The drop shot rig is quickly becoming one of the most important rigs in bass fishing. You can fish drop shot rigs fished deep, shallow, and anywhere in between. In this post, we will unravel the mystery of the drop shot rig and all of the components and setup you’ll need for drop shot fishing. Be sure to check out the video at the bottom of this post to watch how to set up the drop shot rig in a few easy steps.
A drop shot rig consists of line tied to a hook with a trailing leader that comes to an end with a weight so that the weight is at the bottom and the hook and bait are above it. You can choose from many hooks, weights, and bait options for your drop shot rig, but for the purposes of this post, we will generalize it to a common set up. You can see this visually from the photo here Photo courtesy of Lotawanna Buddy Bass
Rod & Reel: My set up consists of a 7’0” Medium Light, Extra Fast Action Spinning Rod with a lightweight Spinning Reel. The rod has great shock absorption and is great for playing big fish out with light line.
Line: The drop shot rig is a finesse technique so light line with low visibility is typically what you’ll want to choose. Fluorocarbon in 6-8 lb or a lighter braided line with a 2 ft fluorocarbon leader are both great choices for most situations.
Hook: Next, you’re going to need a split shot or drop shot hook, size 1-1/O. These are specific for finesse fishing and a lot of companies have good drop shot hooks to choose from. These hooks are great for nose hooking the baits which provides the most action and natural motion.
Weight: Most drop shot weights have a crimped swivel at the top that makes it easy to clip onto your line, although weights that you can tie to the bottom of the line will work just as well. Weights from 1/8 oz to 1/4 oz are good to start with, but there are times for both heavier and lighter weights. I’ve used up to 1/2 oz weights in really rough water, just to keep the bait on the bottom. They have a great feel and being that they are painted will help them blend in to the bottom and you won’t get as many fish nipping at your weight. For our basic version we will use a round or ball weight. The round one is great for vertical fishing, especially in sparse cover.
Bait: The last thing you will need to complete your drop shot rig is your bait. There are a wide variety of options you can use. A great bait to start with is one I really like for a drop shot is a small finesse worm like the 4.5″ BioSpawn PlasmaTail or a realistic minnow like the Catch Co. Shimmer Shad. Now, there are a few different ways you can rig your drop shot bait. Like I said nose hooking the bait is a great way to start, but also wacky rigging, or Texas rigging (with a straight shank or wide gap hook) are also great options. For our example, we will use the wacky rig.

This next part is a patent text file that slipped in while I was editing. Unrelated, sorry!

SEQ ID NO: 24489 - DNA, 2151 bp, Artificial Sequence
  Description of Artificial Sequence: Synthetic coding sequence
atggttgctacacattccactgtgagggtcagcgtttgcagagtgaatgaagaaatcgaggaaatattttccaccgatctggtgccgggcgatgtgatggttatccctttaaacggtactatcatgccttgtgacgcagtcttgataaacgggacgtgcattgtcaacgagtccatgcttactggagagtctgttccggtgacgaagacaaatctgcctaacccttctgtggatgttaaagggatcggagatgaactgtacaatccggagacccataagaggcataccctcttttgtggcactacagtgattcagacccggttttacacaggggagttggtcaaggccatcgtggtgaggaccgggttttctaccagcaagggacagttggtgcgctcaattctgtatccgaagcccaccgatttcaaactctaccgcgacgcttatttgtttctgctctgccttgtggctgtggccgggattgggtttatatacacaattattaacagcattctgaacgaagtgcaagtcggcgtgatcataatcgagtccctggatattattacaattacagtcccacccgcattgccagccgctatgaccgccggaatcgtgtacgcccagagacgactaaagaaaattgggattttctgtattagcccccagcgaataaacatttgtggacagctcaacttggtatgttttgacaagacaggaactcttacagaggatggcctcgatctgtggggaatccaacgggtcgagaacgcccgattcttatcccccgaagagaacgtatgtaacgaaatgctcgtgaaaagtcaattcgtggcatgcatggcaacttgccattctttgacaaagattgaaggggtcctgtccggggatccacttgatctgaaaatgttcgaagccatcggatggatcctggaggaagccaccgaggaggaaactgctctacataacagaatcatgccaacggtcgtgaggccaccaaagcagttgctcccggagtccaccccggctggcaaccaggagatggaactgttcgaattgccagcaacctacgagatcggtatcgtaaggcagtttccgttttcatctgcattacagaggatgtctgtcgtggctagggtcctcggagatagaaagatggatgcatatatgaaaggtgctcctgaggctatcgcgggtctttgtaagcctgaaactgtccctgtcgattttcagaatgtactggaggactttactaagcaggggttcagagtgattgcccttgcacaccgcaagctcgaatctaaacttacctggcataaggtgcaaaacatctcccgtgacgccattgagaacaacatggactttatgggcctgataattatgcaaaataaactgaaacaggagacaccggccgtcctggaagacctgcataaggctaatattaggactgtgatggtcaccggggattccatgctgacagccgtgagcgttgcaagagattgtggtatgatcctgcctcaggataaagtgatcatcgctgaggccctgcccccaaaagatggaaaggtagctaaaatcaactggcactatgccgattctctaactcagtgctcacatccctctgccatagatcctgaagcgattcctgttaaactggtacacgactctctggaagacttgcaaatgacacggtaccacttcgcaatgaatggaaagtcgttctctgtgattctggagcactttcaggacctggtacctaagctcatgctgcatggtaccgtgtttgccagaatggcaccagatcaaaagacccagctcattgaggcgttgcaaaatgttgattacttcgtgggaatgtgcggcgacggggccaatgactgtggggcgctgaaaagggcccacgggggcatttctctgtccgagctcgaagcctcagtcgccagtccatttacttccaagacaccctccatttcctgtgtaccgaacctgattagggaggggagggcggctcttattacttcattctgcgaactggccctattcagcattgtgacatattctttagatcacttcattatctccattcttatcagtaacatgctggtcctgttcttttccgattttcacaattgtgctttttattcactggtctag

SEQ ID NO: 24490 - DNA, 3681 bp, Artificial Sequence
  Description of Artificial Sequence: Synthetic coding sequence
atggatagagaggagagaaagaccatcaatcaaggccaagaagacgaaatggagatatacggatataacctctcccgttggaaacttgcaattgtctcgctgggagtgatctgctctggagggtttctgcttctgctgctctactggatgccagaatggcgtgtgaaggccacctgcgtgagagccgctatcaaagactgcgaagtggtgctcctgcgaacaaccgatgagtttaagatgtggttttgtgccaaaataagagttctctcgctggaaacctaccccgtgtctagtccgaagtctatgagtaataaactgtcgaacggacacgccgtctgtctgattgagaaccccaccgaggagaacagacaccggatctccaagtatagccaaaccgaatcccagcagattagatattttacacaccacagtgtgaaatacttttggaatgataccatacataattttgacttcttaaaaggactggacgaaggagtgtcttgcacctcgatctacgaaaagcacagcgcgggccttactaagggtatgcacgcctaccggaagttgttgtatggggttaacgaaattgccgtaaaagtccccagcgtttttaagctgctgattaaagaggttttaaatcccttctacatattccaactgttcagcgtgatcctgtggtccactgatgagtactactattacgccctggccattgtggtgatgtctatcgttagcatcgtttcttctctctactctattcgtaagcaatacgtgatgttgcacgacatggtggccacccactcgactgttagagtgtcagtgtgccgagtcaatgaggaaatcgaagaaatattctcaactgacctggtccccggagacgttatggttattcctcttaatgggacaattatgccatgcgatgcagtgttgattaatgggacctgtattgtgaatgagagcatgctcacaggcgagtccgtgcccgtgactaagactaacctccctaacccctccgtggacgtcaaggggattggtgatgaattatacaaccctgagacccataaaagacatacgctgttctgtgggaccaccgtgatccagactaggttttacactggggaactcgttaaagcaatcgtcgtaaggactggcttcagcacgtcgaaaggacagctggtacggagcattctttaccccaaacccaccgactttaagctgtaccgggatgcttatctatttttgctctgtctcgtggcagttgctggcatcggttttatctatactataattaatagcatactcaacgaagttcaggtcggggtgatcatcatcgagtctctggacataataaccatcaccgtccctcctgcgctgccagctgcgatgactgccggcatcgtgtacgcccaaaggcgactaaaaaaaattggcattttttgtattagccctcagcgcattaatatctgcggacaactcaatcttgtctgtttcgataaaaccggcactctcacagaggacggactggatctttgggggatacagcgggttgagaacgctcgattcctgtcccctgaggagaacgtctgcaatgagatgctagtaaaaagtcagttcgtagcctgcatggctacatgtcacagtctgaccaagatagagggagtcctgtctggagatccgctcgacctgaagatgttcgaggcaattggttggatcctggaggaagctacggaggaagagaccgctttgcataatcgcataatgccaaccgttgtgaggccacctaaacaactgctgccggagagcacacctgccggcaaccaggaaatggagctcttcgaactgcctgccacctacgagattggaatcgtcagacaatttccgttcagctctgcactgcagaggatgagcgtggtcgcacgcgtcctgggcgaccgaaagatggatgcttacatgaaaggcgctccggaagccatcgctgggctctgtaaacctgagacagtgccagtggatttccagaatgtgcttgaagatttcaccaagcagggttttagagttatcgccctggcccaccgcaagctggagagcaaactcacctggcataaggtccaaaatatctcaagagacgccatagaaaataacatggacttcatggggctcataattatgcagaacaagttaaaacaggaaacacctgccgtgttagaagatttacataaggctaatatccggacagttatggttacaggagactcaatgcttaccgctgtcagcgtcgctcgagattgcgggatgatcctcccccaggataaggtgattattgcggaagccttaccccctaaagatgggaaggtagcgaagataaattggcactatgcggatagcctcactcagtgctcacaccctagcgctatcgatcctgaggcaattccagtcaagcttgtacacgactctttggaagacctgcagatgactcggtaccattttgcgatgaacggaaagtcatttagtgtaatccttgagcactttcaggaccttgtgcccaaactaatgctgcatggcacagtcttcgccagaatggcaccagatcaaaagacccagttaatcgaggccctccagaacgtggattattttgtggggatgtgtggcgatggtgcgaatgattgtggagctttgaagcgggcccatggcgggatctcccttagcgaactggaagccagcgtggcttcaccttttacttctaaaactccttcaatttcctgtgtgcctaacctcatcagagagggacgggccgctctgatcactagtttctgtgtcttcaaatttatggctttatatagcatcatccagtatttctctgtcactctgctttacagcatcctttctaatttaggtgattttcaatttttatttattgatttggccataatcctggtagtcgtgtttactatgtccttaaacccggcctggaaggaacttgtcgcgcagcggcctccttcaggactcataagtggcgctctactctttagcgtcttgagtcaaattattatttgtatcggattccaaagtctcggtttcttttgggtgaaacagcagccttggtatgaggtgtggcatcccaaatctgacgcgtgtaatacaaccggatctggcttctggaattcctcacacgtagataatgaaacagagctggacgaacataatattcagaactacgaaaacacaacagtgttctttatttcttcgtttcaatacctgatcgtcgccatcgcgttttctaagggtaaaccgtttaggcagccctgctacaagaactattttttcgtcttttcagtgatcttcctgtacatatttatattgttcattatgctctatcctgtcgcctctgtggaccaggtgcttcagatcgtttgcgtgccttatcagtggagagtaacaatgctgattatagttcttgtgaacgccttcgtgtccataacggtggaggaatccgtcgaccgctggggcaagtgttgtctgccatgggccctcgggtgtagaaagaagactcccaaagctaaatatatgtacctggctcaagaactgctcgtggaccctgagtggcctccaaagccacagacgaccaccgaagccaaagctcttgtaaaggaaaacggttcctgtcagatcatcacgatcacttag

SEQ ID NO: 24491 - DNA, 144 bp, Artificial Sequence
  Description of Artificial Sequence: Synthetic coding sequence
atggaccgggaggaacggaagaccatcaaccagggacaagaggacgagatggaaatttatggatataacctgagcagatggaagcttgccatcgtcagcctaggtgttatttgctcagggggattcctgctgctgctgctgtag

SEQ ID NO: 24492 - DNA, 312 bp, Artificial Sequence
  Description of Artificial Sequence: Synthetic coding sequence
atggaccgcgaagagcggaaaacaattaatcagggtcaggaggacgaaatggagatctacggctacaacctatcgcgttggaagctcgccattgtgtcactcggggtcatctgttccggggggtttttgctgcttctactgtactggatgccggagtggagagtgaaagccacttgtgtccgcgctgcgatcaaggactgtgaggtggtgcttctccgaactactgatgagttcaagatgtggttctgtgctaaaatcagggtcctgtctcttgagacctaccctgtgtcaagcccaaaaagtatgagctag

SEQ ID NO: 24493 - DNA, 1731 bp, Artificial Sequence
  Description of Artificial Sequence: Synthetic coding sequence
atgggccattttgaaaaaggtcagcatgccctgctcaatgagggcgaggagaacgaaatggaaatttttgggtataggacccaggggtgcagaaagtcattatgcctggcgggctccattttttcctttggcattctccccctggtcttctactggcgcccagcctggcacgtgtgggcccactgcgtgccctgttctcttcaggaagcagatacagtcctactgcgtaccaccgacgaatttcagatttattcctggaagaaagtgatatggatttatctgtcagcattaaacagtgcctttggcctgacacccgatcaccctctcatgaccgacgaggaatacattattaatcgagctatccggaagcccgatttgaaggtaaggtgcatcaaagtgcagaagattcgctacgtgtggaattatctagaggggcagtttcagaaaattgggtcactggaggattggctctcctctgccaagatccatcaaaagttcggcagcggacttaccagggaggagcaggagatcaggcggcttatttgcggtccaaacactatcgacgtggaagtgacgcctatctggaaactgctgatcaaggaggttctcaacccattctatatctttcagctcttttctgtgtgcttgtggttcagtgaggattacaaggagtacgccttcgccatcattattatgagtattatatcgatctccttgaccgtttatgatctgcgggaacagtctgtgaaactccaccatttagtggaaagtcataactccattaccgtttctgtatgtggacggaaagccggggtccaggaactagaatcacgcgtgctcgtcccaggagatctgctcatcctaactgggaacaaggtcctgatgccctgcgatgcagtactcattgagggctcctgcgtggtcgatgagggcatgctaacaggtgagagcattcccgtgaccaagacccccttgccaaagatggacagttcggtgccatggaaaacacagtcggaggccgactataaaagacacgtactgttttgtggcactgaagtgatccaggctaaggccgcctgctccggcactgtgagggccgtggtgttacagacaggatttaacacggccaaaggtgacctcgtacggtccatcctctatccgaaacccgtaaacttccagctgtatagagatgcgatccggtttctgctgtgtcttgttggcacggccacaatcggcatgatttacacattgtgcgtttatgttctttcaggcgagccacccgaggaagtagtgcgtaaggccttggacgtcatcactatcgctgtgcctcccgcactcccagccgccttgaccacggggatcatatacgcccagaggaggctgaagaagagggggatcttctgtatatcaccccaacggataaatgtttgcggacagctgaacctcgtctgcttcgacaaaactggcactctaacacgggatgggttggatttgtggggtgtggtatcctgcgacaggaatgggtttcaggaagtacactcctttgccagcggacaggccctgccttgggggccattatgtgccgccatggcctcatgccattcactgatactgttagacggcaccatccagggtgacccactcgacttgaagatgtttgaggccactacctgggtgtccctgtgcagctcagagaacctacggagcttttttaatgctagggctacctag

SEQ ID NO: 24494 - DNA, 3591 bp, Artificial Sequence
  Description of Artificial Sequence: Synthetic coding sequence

Getting Your Drop Shot Rig Set Up
So now that you have all your components, it’s time to put it all together. The first thing you need to do is take your drop shot hook between your fingers and put the line through the top of the hook eyelet and pull it through enough that you will have at least a foot or more tag end to make a leader.
After you have enough line you are going to make a loop with it and place the line back through the bottom of the hook. While holding your loop on the bottom side of your hook and leaving a longer tag end on the top side you are going to make a single knot with the loop and take it over the front of the hook. Now you will have the makings of a knot. All you have to do is wet the line (with saliva) and cinch it tight. You will now be left with a tag end. With the tag end you will next take it through the top of the hook and pull it tight to cinch the hook straight on the line. Then, just put your weight on the line by clipping it on the tag end or tie it if necessary. That’s it, you now have a drop shot rig! All that is left to do is wacky rig the sinking worm. All you need to do to wacky rig the sinking work is to hook the bait through the middle which will allow for action on both sides of the worm on the fall. Please review the image above courtesy of Big Water’s Edge for further details.
See How To Set Up The Drop Shot Rig
This post on drop shot rig fishing was written by Destin DeMarion, Bassmaster & FLW Professional Angler
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